Grace Annan-Callcott, Press Officer, Projects by IF

Collecting design patterns for teams to make more ethical decisions about data

People designing and building services are in a position of power. IF created and open sourced the Data Permissions Catalogue to help product teams make better, more ethical decisions about data and AI.


 

problem

Decisions about how governments and companies collect, store and share data are not done by a single individual. Those decisions are made as a team.

And teams often copy design patterns from services they know - one of many reasons long, unwieldy terms of service are one of the main design patterns used to get consent.

So, what are design patterns? Watch IF’s video for a quick explanation of what they are, and why they’re important.

solution

IF created the Data Permissions Catalogue as a tool for teams building digital services, to help them make better, more ethical decisions about a range of data sharing activities.

Each pattern has an illustration, real life examples, and an explanation of the pattern’s strengths and limitations. This allows product teams to make more considered choices in the services they are building.

The catalogue gives teams a practical way to improve  efficiency, consistency and usability of the services they are building, ultimately raising industry-wide standards of permissions and consent.

Patterns-HKS-01.png

The catalogue is open source and we welcome contributions.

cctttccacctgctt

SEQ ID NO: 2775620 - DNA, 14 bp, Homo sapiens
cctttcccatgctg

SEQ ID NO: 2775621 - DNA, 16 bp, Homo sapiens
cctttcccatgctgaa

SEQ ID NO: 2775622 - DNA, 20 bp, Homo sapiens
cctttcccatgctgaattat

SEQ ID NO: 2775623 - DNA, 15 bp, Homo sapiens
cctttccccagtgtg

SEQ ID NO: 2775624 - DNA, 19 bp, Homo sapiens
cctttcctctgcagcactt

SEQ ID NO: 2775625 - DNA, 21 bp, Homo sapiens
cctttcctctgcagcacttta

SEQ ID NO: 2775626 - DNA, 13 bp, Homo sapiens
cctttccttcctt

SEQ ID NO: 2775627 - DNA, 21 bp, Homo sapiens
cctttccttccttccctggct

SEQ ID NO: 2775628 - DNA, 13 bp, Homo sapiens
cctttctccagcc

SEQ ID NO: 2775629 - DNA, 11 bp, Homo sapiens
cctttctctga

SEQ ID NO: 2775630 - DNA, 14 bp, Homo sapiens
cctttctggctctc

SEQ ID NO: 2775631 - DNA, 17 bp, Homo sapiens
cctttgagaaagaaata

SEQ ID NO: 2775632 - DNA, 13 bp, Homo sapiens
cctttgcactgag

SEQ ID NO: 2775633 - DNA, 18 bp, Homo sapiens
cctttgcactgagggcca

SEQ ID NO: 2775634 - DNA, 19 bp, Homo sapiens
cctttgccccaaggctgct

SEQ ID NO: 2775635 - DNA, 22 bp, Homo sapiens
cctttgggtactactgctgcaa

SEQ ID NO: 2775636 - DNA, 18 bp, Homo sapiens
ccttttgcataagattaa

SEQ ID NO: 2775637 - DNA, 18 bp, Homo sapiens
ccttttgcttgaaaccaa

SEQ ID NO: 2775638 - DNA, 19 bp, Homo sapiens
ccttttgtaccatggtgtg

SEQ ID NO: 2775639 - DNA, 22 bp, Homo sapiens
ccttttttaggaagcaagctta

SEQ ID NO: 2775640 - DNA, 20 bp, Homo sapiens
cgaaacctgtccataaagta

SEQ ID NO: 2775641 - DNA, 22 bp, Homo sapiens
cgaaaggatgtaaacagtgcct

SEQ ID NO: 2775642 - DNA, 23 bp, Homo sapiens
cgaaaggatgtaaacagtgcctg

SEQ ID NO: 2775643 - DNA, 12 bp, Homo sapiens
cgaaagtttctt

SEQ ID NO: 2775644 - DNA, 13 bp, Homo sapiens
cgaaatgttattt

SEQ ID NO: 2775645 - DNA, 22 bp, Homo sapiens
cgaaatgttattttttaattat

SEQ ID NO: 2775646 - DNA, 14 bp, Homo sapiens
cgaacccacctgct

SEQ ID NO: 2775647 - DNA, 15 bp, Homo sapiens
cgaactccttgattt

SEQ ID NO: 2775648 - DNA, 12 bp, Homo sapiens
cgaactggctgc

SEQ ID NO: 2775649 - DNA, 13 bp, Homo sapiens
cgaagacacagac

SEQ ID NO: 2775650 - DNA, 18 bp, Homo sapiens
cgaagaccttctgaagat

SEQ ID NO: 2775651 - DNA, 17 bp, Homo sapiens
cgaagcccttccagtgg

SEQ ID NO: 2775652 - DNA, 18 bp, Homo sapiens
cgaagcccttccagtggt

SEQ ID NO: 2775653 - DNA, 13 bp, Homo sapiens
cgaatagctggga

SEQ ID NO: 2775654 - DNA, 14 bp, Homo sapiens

Who is this for?

  • Product teams

  • Product managers

  • Engineers

  • Product and user experience designers


Scenario
Pseudo-anonymous data / Category: Share data

Oxfam has been developing a feedback system called Your Word Counts, to understand how programme services for displaced people are performing. Oxfam want to give people a way to prove if they’ve reported a problem. For example, giving someone proof that they’ve told Oxfam they aren’t receiving food, could help them have more control in the process of getting the problem sorted out.

So Oxfam developed a prototype consent receipt that uses the pseudo-anonymous data design pattern. Because the receipt only contains pseudo-anonymous data, if someone lost their receipt it could not be tracked back to them, therefore protecting the identity of a vulnerable person.

Patterns-HKS-02.png

IF worked on this project with Oxfam which you can read more about here.